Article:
Algae are microscopic organisms that can be found in coastal waters near the surface of the water and are major producers of oxygen and food for many of the animals that live in coastal waters. When environmental conditions are favorable, these cells may multiply rapidly and form high numbers of cells resulting in an algal bloom. A bloom often results in a color change in the water. Algal blooms vary color. However, the most common ones are red or brown. These blooms are commonly called red or brown tides. Most algal blooms are not harmful but some can harm fish, humans, and other animals like birds and marine mammals. These are known as Harmful Algal Blooms (H.A.B.).
Blooms can occur as a result of numerous of reasons. Two common causes are
nutrient enrichment and warm waters. Nutrient enrichment of water is often the result of pollution
from urban and agricultural runoff from farms, pesticides, stagnant water, and dumping sewage into the water. Water temperature
has also been related to the occurrence of algal blooms, with
unusually warm water being conducive to blooms.
Ways to prevent harmful algal blooms include stricter sewage dumping laws and managing runoff from cities and rural life.
An example of harmful algal blooms is the Dead Zone in the Gulf of Mexico. The Gulf of Mexico hypoxic zone is a seasonal phenomena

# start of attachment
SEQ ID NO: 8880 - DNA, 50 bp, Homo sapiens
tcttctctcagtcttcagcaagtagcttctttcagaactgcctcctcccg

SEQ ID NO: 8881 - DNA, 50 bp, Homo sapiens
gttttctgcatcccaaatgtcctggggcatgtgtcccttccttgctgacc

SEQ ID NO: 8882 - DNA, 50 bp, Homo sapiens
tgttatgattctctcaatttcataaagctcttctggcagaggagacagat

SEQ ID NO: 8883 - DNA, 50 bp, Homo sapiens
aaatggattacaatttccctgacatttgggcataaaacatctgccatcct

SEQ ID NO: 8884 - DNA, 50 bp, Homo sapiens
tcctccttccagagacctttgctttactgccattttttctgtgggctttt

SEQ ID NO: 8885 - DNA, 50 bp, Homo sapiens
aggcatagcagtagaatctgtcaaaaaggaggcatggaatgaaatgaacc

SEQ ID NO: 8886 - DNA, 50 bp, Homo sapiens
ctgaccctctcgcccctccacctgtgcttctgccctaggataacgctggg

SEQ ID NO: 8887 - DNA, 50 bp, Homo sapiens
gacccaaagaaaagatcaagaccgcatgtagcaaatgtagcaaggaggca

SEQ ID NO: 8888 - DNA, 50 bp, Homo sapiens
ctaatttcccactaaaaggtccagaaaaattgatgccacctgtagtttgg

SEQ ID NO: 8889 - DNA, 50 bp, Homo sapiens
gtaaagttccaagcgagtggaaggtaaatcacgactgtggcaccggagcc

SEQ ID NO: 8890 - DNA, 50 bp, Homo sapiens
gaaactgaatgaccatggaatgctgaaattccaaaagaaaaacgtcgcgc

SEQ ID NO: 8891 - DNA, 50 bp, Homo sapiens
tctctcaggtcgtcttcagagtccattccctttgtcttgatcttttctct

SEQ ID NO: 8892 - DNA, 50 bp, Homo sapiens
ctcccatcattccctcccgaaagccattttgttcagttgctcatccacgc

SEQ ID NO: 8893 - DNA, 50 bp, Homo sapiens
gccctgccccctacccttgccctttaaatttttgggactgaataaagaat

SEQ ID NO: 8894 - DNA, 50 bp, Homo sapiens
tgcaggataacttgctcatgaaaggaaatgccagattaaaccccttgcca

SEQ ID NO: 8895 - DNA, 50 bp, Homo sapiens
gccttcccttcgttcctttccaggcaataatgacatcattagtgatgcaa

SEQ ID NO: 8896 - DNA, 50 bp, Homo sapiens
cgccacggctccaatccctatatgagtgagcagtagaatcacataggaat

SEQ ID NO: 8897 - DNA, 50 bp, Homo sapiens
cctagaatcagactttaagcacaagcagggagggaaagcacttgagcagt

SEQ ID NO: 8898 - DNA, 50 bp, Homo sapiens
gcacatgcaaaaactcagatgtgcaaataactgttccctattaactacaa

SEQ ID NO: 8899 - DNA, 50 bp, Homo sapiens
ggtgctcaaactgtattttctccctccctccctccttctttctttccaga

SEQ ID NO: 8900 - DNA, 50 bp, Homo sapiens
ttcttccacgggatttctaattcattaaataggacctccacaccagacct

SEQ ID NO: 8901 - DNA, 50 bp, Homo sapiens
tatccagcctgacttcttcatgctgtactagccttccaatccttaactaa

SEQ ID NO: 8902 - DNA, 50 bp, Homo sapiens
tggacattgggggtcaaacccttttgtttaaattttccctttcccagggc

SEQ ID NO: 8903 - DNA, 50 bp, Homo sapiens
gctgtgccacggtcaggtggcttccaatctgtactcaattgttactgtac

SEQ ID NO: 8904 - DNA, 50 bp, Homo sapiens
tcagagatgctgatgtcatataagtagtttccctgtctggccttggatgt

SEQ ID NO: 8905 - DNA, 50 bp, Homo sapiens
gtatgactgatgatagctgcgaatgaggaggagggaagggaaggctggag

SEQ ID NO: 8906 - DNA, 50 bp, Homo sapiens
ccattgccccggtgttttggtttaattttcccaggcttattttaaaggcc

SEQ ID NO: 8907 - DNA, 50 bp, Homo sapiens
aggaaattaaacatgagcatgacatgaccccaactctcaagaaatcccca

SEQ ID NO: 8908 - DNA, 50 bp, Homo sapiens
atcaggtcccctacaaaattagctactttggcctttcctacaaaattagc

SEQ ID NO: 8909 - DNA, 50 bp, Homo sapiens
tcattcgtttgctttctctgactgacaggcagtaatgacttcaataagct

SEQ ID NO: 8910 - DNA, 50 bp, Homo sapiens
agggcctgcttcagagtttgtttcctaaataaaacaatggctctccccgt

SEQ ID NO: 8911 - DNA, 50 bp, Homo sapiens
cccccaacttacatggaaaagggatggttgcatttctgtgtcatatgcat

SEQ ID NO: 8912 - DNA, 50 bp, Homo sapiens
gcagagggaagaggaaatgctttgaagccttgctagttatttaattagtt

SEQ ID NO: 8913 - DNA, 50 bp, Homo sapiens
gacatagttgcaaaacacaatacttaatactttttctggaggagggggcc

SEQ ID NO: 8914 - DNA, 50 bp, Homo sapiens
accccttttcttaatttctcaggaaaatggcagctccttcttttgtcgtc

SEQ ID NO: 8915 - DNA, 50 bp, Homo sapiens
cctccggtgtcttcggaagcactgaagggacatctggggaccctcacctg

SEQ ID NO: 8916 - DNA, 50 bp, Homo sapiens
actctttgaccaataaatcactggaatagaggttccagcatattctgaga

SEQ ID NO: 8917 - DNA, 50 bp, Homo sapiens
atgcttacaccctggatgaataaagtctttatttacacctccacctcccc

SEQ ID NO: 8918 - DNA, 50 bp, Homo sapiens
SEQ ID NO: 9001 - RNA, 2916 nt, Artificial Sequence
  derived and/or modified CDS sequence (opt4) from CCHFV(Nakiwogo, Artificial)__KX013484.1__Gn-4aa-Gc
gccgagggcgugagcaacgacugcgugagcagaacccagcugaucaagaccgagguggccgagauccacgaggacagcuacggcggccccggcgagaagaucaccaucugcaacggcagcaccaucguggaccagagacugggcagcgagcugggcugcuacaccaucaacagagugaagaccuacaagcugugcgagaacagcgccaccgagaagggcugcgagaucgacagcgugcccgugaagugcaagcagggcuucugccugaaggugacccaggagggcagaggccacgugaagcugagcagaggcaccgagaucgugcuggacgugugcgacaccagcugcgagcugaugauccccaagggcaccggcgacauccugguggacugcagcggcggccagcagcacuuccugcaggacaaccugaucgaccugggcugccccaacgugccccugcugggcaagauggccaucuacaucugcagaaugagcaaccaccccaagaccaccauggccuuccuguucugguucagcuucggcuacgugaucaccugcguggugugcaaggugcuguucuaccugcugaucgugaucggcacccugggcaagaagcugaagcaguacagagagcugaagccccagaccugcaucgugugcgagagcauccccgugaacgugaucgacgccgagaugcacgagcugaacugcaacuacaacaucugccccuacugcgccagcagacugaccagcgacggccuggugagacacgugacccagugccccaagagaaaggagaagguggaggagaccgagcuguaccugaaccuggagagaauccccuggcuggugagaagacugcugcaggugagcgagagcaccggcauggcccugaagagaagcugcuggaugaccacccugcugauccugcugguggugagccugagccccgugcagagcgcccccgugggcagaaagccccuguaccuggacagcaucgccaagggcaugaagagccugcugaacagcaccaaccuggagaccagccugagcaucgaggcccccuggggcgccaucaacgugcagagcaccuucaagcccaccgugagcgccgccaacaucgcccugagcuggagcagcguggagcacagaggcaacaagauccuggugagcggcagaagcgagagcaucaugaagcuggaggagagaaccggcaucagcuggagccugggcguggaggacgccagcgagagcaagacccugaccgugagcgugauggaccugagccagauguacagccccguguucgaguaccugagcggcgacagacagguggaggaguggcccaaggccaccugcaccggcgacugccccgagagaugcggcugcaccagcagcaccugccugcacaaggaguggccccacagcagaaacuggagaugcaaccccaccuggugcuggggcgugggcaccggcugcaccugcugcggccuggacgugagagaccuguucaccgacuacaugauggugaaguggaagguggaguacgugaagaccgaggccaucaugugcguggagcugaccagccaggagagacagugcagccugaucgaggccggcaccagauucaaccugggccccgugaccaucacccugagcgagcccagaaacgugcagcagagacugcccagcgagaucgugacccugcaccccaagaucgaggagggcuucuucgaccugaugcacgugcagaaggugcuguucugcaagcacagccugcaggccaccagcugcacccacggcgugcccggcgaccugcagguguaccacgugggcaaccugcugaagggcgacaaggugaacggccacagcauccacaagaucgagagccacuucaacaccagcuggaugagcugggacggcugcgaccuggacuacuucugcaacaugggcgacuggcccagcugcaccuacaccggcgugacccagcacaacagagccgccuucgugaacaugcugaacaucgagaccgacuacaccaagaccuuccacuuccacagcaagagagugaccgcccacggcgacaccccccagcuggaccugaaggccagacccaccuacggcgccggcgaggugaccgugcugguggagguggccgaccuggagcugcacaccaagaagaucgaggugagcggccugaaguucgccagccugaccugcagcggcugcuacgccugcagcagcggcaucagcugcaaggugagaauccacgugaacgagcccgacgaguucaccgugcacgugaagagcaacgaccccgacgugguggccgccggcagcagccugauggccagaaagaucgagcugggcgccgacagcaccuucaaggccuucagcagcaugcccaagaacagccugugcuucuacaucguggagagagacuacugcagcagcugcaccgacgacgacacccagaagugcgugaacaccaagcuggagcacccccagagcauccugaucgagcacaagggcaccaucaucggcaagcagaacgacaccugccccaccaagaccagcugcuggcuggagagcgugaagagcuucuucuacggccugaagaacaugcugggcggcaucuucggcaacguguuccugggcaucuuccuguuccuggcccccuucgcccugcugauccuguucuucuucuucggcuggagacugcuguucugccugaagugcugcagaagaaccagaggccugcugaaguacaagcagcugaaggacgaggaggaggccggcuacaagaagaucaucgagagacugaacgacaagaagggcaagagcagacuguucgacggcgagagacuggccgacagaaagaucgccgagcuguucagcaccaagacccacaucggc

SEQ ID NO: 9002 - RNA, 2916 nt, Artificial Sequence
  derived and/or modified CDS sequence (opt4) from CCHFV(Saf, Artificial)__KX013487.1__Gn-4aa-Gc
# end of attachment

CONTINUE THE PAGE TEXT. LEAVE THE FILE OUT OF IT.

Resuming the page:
occurring in the northern Gulf of Mexico, from the mouth of the Mississippi
River to beyond the Texas border. It's referred to
as the Gulf of Mexico Dead Zone because oxygen levels within the zone
are too low to support marine life. The Dead Zone was first recorded
in the early 1970's. At first, it occurred every two to three years, but
now occurs annually. In the summer of 1999 the Dead Zone reached
its peak, stretching about 7,728 square miles in the Gulf of Mexico. Because of this increased numbers of blooms, fishing profits decreased, hurting the local and national economy. Many blooms can't be prevented, however they can be minimized by taking precise measures to slow the rate of pollution entering the ocean.
The Dead Zone
The Dead Zone
- Victoria Mehlhaff -